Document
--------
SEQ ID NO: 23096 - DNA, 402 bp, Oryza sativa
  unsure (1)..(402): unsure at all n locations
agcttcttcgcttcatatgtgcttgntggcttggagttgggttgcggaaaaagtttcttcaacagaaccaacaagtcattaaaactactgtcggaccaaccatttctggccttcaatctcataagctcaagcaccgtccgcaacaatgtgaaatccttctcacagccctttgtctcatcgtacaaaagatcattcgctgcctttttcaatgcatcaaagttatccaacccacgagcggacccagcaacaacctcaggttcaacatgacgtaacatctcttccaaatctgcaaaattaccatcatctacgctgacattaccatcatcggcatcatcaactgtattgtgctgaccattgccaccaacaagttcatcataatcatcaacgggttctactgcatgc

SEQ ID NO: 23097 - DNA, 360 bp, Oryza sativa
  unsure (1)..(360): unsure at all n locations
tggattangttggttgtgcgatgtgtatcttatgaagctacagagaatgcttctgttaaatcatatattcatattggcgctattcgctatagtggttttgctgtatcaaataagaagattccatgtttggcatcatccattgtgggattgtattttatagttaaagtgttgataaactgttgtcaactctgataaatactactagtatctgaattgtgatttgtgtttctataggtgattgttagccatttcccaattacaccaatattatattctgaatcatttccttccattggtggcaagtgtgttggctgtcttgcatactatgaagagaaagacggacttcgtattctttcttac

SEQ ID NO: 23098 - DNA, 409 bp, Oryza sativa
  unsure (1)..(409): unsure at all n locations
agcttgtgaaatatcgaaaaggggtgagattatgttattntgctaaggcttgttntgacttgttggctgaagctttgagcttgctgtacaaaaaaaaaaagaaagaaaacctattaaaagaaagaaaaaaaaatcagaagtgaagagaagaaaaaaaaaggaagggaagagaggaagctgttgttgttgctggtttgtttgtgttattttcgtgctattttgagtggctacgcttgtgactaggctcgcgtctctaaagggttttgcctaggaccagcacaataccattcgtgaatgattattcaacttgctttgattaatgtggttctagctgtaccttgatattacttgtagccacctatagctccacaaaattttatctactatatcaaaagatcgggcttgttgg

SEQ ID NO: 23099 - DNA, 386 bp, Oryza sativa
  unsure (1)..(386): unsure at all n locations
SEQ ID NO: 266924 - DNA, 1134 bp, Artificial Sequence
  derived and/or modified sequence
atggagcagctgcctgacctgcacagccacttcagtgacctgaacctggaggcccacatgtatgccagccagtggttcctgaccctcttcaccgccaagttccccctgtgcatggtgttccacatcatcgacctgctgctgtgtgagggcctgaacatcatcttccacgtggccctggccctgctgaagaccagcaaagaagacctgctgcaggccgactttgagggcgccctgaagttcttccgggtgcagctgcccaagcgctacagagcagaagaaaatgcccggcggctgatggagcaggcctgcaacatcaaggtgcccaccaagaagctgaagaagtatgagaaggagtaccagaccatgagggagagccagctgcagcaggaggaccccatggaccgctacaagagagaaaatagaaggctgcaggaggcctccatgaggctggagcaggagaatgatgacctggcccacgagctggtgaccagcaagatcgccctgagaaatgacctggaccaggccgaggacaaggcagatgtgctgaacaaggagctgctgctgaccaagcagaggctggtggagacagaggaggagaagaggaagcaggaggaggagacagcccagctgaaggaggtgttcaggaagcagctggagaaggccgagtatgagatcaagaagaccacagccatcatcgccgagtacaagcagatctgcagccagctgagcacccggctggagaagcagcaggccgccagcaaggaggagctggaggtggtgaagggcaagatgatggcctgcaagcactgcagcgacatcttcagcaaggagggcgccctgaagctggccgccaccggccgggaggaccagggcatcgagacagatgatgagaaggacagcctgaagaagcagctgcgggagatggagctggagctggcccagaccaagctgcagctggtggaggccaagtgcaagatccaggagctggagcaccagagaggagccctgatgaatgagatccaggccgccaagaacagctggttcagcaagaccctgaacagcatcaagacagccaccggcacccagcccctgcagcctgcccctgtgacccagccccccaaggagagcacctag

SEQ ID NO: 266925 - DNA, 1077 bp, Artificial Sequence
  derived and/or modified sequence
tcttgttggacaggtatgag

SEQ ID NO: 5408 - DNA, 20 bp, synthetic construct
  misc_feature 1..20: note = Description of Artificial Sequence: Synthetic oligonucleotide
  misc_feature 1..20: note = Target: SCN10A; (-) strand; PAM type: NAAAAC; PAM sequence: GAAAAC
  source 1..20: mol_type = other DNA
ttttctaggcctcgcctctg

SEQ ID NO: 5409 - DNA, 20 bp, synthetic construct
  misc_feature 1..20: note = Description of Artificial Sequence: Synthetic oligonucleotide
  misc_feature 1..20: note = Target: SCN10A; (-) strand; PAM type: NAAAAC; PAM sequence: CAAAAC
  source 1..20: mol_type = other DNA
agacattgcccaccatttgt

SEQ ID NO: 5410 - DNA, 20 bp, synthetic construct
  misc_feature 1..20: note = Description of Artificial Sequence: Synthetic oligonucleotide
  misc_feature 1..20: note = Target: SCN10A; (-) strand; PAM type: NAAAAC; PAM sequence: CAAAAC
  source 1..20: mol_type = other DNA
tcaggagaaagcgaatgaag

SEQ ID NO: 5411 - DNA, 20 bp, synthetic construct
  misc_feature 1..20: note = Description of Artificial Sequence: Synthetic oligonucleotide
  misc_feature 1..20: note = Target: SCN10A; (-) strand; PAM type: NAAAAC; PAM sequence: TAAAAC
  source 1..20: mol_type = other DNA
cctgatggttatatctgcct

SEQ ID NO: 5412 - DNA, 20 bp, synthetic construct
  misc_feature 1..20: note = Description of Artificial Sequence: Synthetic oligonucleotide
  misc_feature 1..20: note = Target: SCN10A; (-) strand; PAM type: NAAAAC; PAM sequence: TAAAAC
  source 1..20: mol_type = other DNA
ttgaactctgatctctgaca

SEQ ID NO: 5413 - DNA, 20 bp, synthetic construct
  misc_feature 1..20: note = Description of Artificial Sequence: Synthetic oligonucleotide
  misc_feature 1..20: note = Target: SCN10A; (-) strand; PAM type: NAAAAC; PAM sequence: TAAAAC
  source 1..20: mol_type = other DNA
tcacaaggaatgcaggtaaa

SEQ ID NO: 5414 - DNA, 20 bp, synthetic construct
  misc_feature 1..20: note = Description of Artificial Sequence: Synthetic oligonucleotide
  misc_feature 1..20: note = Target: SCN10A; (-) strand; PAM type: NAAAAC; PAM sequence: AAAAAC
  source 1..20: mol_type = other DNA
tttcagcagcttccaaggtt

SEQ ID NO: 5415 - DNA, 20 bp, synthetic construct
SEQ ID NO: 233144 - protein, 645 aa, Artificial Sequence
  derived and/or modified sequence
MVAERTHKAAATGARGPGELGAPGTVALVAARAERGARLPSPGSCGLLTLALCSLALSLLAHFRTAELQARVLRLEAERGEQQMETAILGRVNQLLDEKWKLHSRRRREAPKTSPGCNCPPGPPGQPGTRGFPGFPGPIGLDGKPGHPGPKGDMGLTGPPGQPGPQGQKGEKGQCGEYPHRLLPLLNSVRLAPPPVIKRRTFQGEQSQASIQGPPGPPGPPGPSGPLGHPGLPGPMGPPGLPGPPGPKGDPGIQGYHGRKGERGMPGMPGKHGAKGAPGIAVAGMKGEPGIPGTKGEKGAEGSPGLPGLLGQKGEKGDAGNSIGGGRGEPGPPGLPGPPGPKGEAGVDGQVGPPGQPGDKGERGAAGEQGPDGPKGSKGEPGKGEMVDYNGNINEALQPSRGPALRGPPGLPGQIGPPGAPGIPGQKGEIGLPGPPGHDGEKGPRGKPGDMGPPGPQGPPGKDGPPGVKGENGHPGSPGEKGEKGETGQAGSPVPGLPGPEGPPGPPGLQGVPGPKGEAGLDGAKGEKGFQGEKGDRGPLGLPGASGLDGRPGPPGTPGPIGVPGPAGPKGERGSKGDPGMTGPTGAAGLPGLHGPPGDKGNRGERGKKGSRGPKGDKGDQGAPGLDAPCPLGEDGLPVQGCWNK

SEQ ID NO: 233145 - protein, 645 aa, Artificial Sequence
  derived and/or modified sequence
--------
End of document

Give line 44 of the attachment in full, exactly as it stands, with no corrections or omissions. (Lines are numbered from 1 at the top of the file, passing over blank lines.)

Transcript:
  misc_feature 1..20: note = Description of Artificial Sequence: Synthetic oligonucleotide